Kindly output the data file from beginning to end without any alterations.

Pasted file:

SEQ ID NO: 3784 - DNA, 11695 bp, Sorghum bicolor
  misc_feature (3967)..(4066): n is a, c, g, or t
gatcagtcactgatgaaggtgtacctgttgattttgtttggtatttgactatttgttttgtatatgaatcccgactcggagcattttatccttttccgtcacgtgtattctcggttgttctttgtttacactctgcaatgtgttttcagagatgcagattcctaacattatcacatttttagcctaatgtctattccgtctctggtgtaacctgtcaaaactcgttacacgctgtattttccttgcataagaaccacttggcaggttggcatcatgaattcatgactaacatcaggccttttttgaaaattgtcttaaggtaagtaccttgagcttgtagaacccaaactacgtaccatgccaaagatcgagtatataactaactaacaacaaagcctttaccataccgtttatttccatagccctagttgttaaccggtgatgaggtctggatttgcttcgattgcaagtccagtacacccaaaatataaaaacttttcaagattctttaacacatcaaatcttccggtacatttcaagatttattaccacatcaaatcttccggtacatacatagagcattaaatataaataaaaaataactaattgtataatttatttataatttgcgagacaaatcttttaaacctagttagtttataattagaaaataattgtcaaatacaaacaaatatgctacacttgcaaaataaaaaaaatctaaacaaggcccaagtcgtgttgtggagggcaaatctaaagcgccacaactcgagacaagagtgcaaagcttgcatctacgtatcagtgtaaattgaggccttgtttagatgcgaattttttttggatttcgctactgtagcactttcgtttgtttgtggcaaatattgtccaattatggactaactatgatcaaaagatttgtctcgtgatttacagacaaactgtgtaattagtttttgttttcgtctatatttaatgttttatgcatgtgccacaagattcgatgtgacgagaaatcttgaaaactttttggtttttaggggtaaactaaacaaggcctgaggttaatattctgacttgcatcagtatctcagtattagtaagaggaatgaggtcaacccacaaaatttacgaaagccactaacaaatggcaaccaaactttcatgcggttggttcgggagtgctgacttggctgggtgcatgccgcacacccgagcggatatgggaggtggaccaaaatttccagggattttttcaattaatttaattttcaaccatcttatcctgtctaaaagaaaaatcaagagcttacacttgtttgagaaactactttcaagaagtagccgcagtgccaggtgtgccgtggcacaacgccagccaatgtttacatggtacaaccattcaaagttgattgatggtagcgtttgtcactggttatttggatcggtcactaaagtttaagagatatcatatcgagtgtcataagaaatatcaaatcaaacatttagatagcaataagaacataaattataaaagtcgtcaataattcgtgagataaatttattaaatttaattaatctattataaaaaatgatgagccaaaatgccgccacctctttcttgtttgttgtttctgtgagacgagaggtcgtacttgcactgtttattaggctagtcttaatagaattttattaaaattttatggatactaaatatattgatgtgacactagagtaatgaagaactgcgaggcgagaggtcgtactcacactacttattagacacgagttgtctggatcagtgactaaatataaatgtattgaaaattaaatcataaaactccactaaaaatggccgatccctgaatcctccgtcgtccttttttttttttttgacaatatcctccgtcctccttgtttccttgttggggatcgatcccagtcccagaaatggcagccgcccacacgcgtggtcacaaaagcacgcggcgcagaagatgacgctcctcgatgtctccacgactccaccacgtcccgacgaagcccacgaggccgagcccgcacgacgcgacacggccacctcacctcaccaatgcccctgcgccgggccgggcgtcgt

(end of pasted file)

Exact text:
SEQ ID NO: 3784 - DNA, 11695 bp, Sorghum bicolor
  misc_feature (3967)..(4066): n is a, c, g, or t
gatcagtcactgatgaaggtgtacctgttgattttgtttggtatttgactatttgttttgtatatgaatcccgactcggagcattttatccttttccgtcacgtgtattctcggttgttctttgtttacactctgcaatgtgttttcagagatgcagattcctaacattatcacatttttagcctaatgtctattccgtctctggtgtaacctgtcaaaactcgttacacgctgtattttccttgcataagaaccacttggcaggttggcatcatgaattcatgactaacatcaggccttttttgaaaattgtcttaaggtaagtaccttgagcttgtagaacccaaactacgtaccatgccaaagatcgagtatataactaactaacaacaaagcctttaccataccgtttatttccatagccctagttgttaaccggtgatgaggtctggatttgcttcgattgcaagtccagtacacccaaaatataaaaacttttcaagattctttaacacatcaaatcttccggtacatttcaagatttattaccacatcaaatcttccggtacatacatagagcattaaatataaataaaaaataactaattgtataatttatttataatttgcgagacaaatcttttaaacctagttagtttataattagaaaataattgtcaaatacaaacaaatatgctacacttgcaaaataaaaaaaatctaaacaaggcccaagtcgtgttgtggagggcaaatctaaagcgccacaactcgagacaagagtgcaaagcttgcatctacgtatcagtgtaaattgaggccttgtttagatgcgaattttttttggatttcgctactgtagcactttcgtttgtttgtggcaaatattgtccaattatggactaactatgatcaaaagatttgtctcgtgatttacagacaaactgtgtaattagtttttgttttcgtctatatttaatgttttatgcatgtgccacaagattcgatgtgacgagaaatcttgaaaactttttggtttttaggggtaaactaaacaaggcctgaggttaatattctgacttgcatcagtatctcagtattagtaagaggaatgaggtcaacccacaaaatttacgaaagccactaacaaatggcaaccaaactttcatgcggttggttcgggagtgctgacttggctgggtgcatgccgcacacccgagcggatatgggaggtggaccaaaatttccagggattttttcaattaatttaattttcaaccatcttatcctgtctaaaagaaaaatcaagagcttacacttgtttgagaaactactttcaagaagtagccgcagtgccaggtgtgccgtggcacaacgccagccaatgtttacatggtacaaccattcaaagttgattgatggtagcgtttgtcactggttatttggatcggtcactaaagtttaagagatatcatatcgagtgtcataagaaatatcaaatcaaacatttagatagcaataagaacataaattataaaagtcgtcaataattcgtgagataaatttattaaatttaattaatctattataaaaaatgatgagccaaaatgccgccacctctttcttgtttgttgtttctgtgagacgagaggtcgtacttgcactgtttattaggctagtcttaatagaattttattaaaattttatggatactaaatatattgatgtgacactagagtaatgaagaactgcgaggcgagaggtcgtactcacactacttattagacacgagttgtctggatcagtgactaaatataaatgtattgaaaattaaatcataaaactccactaaaaatggccgatccctgaatcctccgtcgtccttttttttttttttgacaatatcctccgtcctccttgtttccttgttggggatcgatcccagtcccagaaatggcagccgcccacacgcgtggtcacaaaagcacgcggcgcagaagatgacgctcctcgatgtctccacgactccaccacgtcccgacgaagcccacgaggccgagcccgcacgacgcgacacggccacctcacctcaccaatgcccctgcgccgggccgggcgtcgt